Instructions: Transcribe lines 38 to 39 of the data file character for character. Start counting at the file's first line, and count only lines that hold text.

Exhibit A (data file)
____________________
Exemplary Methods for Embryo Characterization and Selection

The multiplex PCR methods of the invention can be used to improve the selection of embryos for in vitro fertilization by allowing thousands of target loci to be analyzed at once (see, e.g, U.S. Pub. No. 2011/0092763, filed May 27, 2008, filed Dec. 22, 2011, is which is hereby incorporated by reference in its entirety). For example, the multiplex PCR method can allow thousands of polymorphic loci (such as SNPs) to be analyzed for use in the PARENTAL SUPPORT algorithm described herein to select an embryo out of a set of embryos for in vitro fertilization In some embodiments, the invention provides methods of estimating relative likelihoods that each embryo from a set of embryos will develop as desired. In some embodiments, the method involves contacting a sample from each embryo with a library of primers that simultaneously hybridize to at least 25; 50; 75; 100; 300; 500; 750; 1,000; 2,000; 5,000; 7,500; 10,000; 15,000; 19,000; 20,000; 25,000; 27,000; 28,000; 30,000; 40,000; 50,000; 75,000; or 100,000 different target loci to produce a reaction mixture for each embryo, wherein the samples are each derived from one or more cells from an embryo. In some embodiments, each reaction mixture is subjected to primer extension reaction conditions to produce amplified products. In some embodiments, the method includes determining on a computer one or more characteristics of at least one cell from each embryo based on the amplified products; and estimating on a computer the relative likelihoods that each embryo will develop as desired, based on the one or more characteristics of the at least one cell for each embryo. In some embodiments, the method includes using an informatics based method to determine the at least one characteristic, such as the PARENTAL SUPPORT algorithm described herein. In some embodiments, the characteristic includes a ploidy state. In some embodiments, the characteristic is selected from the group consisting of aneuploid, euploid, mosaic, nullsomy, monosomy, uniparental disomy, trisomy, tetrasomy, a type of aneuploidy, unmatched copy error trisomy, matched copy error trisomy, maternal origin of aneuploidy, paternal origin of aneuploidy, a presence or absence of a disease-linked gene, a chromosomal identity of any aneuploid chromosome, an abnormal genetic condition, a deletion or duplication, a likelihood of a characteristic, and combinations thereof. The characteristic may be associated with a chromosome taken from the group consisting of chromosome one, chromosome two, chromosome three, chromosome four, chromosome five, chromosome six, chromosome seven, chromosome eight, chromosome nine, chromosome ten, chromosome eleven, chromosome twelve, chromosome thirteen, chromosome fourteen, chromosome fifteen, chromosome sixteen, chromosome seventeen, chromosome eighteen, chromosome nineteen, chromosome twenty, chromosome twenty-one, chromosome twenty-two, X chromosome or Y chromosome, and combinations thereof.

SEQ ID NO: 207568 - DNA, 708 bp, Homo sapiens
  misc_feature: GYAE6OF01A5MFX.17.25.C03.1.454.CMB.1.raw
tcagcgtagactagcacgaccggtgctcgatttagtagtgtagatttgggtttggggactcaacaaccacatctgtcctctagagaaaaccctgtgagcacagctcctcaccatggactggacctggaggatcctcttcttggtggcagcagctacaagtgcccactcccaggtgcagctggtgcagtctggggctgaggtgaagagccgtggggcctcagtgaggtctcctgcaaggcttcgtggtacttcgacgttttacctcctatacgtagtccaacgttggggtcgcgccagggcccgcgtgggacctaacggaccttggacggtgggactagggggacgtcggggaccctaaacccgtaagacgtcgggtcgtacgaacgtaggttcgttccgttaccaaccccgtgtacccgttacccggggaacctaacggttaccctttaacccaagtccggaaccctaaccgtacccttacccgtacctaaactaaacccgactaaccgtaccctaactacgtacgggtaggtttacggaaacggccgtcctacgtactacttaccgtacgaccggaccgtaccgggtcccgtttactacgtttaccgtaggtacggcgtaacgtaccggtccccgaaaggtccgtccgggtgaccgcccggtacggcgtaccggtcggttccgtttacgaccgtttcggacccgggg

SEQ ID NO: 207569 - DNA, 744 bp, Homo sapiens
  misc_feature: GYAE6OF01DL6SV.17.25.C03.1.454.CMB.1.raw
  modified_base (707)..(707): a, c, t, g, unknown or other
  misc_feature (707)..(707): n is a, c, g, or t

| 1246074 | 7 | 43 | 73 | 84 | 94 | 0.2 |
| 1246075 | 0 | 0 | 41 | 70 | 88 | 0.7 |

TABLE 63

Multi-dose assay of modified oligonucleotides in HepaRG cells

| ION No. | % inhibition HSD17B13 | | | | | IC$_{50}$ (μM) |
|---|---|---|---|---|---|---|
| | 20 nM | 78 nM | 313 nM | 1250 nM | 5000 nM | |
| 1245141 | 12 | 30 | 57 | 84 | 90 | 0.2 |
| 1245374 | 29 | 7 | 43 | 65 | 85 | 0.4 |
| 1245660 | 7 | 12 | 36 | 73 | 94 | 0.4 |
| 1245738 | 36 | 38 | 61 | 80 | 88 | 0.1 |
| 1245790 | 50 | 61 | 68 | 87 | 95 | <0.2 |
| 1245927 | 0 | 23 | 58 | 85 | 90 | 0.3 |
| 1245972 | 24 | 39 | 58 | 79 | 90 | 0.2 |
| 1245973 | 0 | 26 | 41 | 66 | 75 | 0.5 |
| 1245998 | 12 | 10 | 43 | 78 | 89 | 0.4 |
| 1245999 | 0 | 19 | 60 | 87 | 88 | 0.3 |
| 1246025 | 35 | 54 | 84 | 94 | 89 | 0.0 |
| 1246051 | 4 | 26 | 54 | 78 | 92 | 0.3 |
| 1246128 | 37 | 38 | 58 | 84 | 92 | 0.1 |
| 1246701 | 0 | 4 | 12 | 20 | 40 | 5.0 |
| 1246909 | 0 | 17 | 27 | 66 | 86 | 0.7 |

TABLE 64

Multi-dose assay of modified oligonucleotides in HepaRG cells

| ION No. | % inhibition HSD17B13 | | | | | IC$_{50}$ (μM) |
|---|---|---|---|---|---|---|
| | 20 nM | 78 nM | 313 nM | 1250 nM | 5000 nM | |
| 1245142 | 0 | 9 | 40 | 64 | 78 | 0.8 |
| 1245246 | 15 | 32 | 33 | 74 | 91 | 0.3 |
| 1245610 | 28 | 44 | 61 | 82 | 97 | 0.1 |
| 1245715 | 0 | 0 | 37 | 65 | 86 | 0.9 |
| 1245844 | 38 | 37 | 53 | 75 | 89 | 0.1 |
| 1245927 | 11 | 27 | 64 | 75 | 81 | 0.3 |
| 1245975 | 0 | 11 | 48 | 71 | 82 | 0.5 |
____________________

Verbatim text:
| 1245246 | 15 | 32 | 33 | 74 | 91 | 0.3 |
| 1245610 | 28 | 44 | 61 | 82 | 97 | 0.1 |